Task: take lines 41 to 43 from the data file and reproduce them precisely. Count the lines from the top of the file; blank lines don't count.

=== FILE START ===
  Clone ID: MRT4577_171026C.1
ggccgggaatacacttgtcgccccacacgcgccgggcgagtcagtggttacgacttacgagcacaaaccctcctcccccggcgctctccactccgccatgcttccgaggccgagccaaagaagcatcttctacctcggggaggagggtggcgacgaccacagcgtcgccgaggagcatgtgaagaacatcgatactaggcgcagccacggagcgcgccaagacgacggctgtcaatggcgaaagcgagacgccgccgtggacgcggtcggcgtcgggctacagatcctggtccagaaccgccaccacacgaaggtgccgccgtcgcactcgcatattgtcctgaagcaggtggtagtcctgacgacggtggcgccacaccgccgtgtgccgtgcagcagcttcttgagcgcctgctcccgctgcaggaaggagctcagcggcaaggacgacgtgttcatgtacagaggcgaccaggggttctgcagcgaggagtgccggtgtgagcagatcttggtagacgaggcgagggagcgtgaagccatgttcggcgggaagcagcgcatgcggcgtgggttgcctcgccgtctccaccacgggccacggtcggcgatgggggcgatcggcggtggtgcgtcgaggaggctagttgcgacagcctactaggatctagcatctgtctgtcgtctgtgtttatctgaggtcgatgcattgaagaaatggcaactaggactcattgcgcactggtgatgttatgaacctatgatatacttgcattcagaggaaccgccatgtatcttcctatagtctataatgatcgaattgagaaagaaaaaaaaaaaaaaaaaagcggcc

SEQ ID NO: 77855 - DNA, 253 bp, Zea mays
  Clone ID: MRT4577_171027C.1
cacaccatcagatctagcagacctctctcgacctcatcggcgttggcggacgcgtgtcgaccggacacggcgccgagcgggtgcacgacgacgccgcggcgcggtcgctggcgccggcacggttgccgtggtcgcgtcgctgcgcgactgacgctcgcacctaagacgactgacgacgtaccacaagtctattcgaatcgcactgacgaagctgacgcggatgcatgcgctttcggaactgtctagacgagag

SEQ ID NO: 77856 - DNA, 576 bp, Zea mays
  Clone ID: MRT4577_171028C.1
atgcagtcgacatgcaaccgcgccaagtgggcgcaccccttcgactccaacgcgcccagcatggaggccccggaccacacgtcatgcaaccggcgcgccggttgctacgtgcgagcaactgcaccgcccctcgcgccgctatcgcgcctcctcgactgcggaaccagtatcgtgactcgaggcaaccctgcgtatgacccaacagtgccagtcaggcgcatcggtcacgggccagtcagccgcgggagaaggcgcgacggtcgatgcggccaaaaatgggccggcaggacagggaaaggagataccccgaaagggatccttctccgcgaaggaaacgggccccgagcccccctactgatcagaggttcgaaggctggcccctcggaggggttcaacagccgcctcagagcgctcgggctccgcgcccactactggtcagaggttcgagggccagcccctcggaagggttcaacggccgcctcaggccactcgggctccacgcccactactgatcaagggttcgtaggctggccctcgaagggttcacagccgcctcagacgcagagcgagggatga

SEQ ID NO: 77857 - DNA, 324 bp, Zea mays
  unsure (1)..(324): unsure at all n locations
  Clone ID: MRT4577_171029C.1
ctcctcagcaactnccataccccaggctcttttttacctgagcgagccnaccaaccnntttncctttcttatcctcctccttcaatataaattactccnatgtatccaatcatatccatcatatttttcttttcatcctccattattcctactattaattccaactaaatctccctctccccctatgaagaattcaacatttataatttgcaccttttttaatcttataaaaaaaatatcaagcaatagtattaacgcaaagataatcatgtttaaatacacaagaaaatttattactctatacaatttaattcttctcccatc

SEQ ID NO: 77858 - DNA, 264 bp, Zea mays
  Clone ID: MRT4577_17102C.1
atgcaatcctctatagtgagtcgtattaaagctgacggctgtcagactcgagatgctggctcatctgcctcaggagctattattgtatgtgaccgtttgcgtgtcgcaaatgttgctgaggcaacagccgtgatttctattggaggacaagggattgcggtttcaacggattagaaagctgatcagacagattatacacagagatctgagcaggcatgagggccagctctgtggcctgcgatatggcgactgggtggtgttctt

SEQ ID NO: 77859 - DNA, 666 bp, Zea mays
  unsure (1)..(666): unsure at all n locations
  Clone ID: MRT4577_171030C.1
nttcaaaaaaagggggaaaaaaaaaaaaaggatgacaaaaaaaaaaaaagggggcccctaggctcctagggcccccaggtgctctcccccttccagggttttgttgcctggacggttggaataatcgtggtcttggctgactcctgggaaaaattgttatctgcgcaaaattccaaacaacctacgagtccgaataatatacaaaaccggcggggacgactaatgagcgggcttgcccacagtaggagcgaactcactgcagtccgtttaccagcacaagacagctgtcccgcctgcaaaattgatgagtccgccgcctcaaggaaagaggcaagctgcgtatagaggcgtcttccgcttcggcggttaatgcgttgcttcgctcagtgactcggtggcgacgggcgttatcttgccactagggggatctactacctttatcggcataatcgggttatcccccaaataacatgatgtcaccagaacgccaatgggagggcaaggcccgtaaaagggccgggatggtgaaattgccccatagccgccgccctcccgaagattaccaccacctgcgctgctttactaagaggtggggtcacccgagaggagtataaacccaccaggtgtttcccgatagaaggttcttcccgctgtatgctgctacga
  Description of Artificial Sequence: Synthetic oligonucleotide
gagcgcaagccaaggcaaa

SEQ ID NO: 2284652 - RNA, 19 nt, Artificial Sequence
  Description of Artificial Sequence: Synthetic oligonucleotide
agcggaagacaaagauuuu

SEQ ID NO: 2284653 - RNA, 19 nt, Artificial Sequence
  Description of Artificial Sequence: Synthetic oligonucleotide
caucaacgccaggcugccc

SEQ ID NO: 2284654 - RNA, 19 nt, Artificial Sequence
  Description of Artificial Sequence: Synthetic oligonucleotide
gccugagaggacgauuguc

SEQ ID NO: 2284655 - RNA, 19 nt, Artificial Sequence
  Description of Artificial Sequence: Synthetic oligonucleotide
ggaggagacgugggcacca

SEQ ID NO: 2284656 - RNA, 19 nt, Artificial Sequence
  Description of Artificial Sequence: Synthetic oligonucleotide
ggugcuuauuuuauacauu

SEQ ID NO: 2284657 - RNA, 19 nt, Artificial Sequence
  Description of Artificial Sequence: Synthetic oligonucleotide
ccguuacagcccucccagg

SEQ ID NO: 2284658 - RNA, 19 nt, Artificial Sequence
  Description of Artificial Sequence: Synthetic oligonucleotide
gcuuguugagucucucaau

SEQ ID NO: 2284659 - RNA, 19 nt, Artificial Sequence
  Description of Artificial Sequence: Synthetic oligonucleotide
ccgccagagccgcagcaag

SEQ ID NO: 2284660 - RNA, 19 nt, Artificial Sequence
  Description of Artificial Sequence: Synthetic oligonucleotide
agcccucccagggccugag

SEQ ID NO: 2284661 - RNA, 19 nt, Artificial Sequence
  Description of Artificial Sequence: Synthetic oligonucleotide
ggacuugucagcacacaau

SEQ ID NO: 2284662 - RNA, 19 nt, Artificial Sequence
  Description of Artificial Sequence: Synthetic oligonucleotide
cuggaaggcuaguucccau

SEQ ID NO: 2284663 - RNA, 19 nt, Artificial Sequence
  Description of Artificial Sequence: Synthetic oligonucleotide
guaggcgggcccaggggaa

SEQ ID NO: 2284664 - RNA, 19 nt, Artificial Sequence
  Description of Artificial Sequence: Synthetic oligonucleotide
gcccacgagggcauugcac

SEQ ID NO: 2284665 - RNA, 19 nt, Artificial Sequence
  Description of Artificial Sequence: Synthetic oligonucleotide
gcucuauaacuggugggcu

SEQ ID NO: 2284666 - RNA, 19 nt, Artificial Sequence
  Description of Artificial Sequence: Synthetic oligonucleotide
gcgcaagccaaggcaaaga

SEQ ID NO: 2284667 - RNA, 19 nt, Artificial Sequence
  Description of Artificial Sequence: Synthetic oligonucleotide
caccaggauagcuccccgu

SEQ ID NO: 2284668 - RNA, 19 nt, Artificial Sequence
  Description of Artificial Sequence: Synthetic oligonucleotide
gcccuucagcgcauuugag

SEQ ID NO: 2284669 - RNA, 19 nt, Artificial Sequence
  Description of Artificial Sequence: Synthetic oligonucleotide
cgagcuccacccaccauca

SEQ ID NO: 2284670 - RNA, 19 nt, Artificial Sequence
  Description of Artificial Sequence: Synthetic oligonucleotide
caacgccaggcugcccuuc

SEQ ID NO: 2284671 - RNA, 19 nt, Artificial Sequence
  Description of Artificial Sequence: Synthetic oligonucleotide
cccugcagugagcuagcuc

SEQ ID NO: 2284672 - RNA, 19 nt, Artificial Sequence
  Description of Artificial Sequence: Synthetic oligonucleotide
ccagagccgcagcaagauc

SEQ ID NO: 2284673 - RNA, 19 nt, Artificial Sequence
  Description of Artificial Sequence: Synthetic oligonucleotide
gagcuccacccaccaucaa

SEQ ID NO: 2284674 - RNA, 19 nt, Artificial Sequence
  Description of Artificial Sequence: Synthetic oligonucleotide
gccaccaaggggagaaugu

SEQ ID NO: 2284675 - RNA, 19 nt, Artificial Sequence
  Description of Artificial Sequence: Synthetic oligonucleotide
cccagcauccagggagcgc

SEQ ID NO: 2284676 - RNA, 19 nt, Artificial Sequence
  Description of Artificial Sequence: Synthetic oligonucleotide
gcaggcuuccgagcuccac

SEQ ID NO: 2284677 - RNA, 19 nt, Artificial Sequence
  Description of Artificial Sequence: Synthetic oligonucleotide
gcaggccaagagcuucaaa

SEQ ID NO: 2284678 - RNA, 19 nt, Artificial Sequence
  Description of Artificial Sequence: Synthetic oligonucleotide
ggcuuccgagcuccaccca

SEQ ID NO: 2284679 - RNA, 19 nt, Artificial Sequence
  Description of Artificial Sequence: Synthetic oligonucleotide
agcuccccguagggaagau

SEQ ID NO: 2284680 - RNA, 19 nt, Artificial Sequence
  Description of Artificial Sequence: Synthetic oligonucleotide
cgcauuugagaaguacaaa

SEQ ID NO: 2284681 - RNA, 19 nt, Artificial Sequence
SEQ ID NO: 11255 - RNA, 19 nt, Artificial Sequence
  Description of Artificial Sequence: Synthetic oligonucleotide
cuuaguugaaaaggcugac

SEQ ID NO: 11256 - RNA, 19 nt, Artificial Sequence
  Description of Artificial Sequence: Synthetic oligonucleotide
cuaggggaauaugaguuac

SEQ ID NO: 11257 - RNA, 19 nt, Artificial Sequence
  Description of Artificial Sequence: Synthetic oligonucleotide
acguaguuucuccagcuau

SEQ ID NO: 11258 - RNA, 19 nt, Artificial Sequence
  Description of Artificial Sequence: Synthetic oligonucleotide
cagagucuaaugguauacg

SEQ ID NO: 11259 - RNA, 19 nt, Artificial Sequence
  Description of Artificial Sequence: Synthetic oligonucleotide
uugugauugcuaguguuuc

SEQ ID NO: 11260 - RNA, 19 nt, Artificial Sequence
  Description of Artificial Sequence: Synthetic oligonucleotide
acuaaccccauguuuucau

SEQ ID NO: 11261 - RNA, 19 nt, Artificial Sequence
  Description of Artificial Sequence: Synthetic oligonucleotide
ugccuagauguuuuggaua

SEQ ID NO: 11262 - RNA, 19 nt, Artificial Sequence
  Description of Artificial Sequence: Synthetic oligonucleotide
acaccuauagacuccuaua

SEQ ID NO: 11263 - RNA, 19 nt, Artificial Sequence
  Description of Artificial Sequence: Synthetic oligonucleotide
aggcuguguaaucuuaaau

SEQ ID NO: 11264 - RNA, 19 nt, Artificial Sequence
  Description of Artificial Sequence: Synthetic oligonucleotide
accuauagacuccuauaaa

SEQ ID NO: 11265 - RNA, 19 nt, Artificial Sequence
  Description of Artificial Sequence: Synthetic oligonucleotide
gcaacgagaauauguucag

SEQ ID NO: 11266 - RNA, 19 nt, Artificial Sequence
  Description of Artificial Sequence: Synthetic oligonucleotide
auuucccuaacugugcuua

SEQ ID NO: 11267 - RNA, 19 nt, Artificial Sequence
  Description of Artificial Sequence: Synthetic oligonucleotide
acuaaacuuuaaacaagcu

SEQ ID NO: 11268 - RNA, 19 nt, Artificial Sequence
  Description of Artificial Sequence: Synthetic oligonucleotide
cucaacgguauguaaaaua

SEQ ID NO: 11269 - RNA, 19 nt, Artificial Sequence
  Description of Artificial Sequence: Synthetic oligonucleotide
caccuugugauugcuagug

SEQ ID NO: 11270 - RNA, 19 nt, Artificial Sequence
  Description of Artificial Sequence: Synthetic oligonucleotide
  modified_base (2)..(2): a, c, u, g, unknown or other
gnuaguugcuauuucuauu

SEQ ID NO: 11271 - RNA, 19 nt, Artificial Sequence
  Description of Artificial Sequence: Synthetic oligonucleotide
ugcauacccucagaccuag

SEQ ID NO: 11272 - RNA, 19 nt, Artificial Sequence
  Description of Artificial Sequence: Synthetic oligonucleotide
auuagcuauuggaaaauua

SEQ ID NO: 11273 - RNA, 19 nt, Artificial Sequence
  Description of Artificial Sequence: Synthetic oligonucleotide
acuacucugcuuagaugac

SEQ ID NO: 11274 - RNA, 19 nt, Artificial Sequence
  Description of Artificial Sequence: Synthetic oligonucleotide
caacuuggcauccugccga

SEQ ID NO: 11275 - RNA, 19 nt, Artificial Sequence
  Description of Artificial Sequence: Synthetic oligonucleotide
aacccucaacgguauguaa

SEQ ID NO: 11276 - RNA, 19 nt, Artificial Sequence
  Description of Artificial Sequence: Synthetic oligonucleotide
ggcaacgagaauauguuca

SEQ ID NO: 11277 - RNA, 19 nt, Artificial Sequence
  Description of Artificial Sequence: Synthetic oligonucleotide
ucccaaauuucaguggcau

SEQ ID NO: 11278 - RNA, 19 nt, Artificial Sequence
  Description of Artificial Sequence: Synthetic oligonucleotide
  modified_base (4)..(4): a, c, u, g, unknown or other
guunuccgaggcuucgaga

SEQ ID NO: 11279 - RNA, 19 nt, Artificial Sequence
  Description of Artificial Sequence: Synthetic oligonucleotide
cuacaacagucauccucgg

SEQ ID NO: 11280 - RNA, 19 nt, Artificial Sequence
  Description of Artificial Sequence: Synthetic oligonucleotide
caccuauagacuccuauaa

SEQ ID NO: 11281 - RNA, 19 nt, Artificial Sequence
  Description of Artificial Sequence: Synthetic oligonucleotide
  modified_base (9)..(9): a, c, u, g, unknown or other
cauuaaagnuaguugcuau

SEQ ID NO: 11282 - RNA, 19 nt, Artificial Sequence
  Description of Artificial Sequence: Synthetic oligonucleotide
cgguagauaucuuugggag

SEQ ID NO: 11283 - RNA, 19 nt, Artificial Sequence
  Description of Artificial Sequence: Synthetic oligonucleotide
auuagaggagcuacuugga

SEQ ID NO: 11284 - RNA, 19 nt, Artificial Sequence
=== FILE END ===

  Description of Artificial Sequence: Synthetic oligonucleotide
gcuuguugagucucucaau

SEQ ID NO: 2284659 - RNA, 19 nt, Artificial Sequence